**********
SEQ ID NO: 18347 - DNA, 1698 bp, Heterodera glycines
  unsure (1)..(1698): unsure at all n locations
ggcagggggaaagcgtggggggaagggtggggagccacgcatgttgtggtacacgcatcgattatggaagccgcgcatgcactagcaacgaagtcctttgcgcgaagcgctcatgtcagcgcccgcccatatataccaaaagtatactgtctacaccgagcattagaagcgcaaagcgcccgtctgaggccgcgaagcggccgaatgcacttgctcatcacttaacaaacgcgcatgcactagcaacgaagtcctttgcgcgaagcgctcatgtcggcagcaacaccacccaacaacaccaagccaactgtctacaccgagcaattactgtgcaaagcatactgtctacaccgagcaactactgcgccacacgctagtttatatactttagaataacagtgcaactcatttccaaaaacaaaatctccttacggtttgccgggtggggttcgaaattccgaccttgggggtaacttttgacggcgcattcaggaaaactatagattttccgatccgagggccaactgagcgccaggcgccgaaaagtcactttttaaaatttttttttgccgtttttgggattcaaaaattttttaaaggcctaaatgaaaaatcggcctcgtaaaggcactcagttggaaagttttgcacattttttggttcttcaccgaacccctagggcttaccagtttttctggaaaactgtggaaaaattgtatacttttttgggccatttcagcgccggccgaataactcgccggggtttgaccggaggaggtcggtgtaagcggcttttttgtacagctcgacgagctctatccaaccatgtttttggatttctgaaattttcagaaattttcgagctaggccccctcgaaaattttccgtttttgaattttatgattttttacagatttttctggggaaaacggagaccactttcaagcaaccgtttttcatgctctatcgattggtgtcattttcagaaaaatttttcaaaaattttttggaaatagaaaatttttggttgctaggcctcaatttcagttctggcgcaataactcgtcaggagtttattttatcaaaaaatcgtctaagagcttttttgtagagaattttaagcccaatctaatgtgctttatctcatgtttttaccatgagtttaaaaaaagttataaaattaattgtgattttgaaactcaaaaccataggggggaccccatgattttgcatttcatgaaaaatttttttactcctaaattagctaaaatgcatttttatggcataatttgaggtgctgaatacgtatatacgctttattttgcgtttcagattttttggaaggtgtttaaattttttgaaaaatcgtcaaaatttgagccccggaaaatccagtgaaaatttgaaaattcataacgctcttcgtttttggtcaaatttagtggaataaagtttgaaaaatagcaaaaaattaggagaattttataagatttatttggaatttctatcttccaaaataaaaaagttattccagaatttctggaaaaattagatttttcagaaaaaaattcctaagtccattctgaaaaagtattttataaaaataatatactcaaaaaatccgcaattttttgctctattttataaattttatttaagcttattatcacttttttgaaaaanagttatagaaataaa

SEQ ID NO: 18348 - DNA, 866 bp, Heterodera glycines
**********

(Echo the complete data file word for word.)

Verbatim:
SEQ ID NO: 18347 - DNA, 1698 bp, Heterodera glycines
  unsure (1)..(1698): unsure at all n locations
ggcagggggaaagcgtggggggaagggtggggagccacgcatgttgtggtacacgcatcgattatggaagccgcgcatgcactagcaacgaagtcctttgcgcgaagcgctcatgtcagcgcccgcccatatataccaaaagtatactgtctacaccgagcattagaagcgcaaagcgcccgtctgaggccgcgaagcggccgaatgcacttgctcatcacttaacaaacgcgcatgcactagcaacgaagtcctttgcgcgaagcgctcatgtcggcagcaacaccacccaacaacaccaagccaactgtctacaccgagcaattactgtgcaaagcatactgtctacaccgagcaactactgcgccacacgctagtttatatactttagaataacagtgcaactcatttccaaaaacaaaatctccttacggtttgccgggtggggttcgaaattccgaccttgggggtaacttttgacggcgcattcaggaaaactatagattttccgatccgagggccaactgagcgccaggcgccgaaaagtcactttttaaaatttttttttgccgtttttgggattcaaaaattttttaaaggcctaaatgaaaaatcggcctcgtaaaggcactcagttggaaagttttgcacattttttggttcttcaccgaacccctagggcttaccagtttttctggaaaactgtggaaaaattgtatacttttttgggccatttcagcgccggccgaataactcgccggggtttgaccggaggaggtcggtgtaagcggcttttttgtacagctcgacgagctctatccaaccatgtttttggatttctgaaattttcagaaattttcgagctaggccccctcgaaaattttccgtttttgaattttatgattttttacagatttttctggggaaaacggagaccactttcaagcaaccgtttttcatgctctatcgattggtgtcattttcagaaaaatttttcaaaaattttttggaaatagaaaatttttggttgctaggcctcaatttcagttctggcgcaataactcgtcaggagtttattttatcaaaaaatcgtctaagagcttttttgtagagaattttaagcccaatctaatgtgctttatctcatgtttttaccatgagtttaaaaaaagttataaaattaattgtgattttgaaactcaaaaccataggggggaccccatgattttgcatttcatgaaaaatttttttactcctaaattagctaaaatgcatttttatggcataatttgaggtgctgaatacgtatatacgctttattttgcgtttcagattttttggaaggtgtttaaattttttgaaaaatcgtcaaaatttgagccccggaaaatccagtgaaaatttgaaaattcataacgctcttcgtttttggtcaaatttagtggaataaagtttgaaaaatagcaaaaaattaggagaattttataagatttatttggaatttctatcttccaaaataaaaaagttattccagaatttctggaaaaattagatttttcagaaaaaaattcctaagtccattctgaaaaagtattttataaaaataatatactcaaaaaatccgcaattttttgctctattttataaattttatttaagcttattatcacttttttgaaaaanagttatagaaataaa

SEQ ID NO: 18348 - DNA, 866 bp, Heterodera glycines